Edna Clarke Hall's model for Catherine Earnshaw

In 1979 I walked up the staircase at front of the Tate Gallery and saw a small but electrifying panel display in the entrance hallway - a tribute to the centenarian and last of the great Slade artists of the 1890s, Edna Clarke Hall, who had just died. Prominently featured was Edna's large and striking monochrome drawing Catherine Earnshaw Walking (1924) from Wuthering Heights. In a moment of rapturous romantic sympathy I vowed to do something more about this inspired vision one day - if no one else had!

A lot of water had passed under the bridge by the time Robin Simon published my first report of this long drawn out romantic odyssey in The British Art Journal in 2015. It should go without statement that obsession and romance are inevitably entwined and so it was, and is, with Edna's varied and prolific illustrations to Wuthering Heights. They occupied her spirit, pen and brush intermittently for at least three decades. It took me slightly longer to capture and present a representative sample!

Edna was in her mid-forties when she produced this and many other works which have a strong echo of youth. Such repeated representations of youthful freedom in these romantic sketches, along with her prolific domestic sketches from life, is perhaps an indication of her need to revisiting earlier more carefree times in order to reconcile a sense of loss from suffering the chains of matrony as a young wife to an older man who disapproved of such fare. Sketching her sons growing up from 1905 was one element of the equation but the fortuitous arrival of teenage girls some years later became the key catalyst in forming Edna's monumental icons of Cathy.

This rear-viewed image of our heroine strolling across the English countryside encapsulates everything a romatic spirit could wish for as an aesthetic icon of the capricious soul in escapist flight. How captivating this figure is but how equally fascinating might be a viewpoint located further down the path in order to witness her approach. We could then establish if she is just a two-dimensional whim of the artist or a representation of a real girl? In this case the model for a graphic icon of one of our most celebrated works of literary heritage - Edna's vision of Emily Bronte's 'Catherine'. According to a biographical note in the Tate Britain catalogue entry, Edna's principal model for the teenage Catherine was the daughter of the Clarke Hall family's cook from about 1910. It is unfortunate that no further information on this prototype has, as yet, come to light, since she is such a key element in Edna's Wuthering Heights drawings from then onwards. This has led me to begin to piece together an iconographic trail from which we can attempt a more definitive appraisal of the genesis of this young icon.

Following the 21st Century kickstart given to Edna's art in 2006 and 2008 by the Abbott and Holder exhibitions, I came across a fine red-chalk drawing by Edna, Elise reading featured on the website of London art dealer James Huntington-Whitely. It was one of a varied group from the collection of Rex Nan Kivel, maestro of the Redfern Gallery where several exhibitions of Edna's art where held between 1924-41. Again the design was a bold rear view of a teenage girl but this time sitting and reading and included the artist's inscription, "Elise reading". Alison Thomas informs me that Elise Bogue, a thirteen years old Irish cousin, came to live with the Clarke Halls in 1911. So, in contrast to the dearth of suitable Heathcliffs, it seems as though Edna might have been almost spoilt for choice in models for Catherine. A cursory sift through my archives reveal several female subjects of similar appearance and two of these are also reproduced below: a watercolour with Abbott & Holder and a 'Catherine & Heathcliff' at Tate Britain. Another extensively used motif is from a life sketch of a prone young woman at the Ashmolean Museum and its use in a sketch in the Manchester Art Collection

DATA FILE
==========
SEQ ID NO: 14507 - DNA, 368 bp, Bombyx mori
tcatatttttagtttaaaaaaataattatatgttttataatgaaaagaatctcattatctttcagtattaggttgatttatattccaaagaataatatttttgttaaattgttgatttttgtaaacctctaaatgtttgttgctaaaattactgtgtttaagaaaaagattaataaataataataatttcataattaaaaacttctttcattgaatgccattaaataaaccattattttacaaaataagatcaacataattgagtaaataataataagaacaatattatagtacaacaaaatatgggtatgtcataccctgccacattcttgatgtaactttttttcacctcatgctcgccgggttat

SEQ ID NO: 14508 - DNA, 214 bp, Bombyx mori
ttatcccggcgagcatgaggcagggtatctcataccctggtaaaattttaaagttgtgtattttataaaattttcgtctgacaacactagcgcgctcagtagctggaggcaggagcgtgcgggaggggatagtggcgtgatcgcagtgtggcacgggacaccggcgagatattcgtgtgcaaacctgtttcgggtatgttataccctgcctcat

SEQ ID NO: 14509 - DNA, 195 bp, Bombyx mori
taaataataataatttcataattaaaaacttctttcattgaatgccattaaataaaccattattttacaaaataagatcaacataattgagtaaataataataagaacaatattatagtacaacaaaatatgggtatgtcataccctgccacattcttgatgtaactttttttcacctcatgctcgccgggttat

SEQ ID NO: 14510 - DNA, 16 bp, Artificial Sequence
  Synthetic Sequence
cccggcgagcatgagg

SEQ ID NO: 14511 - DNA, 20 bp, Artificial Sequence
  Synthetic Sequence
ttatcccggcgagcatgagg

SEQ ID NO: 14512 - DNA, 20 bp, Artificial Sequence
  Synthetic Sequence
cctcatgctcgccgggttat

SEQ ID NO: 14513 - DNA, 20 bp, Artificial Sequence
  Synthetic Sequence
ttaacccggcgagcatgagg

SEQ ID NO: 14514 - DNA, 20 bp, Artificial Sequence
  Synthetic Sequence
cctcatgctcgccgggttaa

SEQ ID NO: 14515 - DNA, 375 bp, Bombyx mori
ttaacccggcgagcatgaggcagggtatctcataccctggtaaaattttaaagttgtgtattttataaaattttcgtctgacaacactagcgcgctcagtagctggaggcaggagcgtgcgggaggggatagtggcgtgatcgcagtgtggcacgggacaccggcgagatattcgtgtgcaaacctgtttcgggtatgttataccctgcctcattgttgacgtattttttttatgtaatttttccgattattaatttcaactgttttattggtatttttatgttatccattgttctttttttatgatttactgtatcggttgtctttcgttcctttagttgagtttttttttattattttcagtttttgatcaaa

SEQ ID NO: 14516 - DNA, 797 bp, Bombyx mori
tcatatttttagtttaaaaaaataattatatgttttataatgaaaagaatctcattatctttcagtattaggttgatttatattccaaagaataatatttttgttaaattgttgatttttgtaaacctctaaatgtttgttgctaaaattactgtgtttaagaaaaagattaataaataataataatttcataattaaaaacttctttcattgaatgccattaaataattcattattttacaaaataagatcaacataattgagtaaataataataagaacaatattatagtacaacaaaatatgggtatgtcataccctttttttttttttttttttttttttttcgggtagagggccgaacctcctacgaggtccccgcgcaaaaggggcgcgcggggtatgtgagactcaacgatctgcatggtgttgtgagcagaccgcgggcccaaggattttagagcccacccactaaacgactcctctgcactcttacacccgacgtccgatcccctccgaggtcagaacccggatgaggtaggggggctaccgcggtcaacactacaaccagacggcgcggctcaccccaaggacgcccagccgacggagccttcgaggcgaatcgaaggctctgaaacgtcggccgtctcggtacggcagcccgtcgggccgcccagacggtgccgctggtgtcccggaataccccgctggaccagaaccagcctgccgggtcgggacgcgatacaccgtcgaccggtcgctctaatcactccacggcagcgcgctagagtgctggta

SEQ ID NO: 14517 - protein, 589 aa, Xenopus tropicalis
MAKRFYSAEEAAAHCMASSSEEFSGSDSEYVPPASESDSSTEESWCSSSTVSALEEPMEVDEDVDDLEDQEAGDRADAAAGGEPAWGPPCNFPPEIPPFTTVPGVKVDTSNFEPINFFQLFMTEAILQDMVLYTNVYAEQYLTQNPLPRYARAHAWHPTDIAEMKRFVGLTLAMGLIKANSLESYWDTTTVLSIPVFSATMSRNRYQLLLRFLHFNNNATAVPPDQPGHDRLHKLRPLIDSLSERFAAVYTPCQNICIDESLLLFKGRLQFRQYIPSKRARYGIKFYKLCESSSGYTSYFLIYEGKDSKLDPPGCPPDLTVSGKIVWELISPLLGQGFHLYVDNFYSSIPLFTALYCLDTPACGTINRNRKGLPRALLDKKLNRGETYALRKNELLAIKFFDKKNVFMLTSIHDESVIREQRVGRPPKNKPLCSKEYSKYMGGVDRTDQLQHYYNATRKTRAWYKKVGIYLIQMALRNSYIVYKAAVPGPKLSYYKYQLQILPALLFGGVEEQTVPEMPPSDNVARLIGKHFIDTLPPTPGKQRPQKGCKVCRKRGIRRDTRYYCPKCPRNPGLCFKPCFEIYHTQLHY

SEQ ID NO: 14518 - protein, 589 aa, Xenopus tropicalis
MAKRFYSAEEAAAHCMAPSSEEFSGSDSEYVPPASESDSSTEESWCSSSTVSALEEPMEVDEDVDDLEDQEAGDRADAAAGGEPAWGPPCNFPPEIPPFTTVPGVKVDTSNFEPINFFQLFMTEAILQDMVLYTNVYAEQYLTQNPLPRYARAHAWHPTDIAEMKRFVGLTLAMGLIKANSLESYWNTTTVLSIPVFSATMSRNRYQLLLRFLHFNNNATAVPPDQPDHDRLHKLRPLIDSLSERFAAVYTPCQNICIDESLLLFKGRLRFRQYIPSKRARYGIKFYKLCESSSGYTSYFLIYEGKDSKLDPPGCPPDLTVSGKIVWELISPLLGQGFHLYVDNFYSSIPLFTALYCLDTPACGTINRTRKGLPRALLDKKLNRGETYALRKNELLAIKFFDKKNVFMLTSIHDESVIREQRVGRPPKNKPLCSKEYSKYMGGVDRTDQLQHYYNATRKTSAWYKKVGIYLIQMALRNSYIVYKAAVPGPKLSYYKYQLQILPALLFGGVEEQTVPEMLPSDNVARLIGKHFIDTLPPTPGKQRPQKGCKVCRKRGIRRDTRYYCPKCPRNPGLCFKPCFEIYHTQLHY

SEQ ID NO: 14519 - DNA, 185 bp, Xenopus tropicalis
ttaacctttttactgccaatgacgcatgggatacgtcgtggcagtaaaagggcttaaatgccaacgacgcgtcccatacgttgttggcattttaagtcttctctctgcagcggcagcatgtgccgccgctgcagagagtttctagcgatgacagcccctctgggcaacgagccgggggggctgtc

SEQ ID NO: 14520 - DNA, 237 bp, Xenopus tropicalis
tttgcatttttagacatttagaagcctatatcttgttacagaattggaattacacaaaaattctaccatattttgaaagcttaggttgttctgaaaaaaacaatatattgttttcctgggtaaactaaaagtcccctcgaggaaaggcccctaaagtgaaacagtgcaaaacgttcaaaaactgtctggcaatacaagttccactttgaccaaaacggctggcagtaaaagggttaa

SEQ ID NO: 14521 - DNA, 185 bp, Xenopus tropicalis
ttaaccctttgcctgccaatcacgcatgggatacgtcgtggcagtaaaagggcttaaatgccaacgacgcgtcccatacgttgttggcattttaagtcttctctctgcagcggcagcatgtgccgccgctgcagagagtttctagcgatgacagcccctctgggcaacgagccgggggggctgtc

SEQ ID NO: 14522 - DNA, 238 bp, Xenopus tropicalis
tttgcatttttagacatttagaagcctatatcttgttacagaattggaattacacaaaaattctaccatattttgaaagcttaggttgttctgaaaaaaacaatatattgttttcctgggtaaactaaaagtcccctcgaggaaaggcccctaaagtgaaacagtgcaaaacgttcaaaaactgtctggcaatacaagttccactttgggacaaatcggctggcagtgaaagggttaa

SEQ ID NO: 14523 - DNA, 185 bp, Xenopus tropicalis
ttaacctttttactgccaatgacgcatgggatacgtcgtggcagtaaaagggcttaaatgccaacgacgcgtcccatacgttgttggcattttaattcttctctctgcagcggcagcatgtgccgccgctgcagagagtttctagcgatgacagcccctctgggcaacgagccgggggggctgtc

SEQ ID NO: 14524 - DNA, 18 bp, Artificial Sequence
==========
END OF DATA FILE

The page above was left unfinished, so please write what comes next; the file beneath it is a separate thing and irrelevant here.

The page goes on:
Edna was a fine draughtswoman and the top prize-winning female Slade student on her graduation in 1898. Accuracy and economy of line were qualities that were deeply impressed on the Slade students by their master, the formidable surgeon-turned-artist Henry Tonks. Correct anatomical representation was a fundamental skill taught at the Slade and reliance on this aspect of Edna's sketching has led me to compare and select such drawings as these that should reveal more about Edna's 'Catherine' and where she came from. There are many more and a voyage of discovery into the artist's working methods and models is certainly one to enlighten our understanding as well as enjoy its progress. The investigation continues . . .

Max Browne, October 2015

. . . and what an amazing coicidence when, a month later, a bold and delightful watercolour came to light to provide another piece of the jigsaw - one almost certainly of the seminal sketches of the 'cook's daughter' for Cathy. Imagine her transposed from the seashore to the moor and . . eureka, you have Edna's young Catherine Earnshaw. The pose, flowing hair and demeanour all reveal her to form the solution to our inocographic quest but we have yet to discover her name . . .

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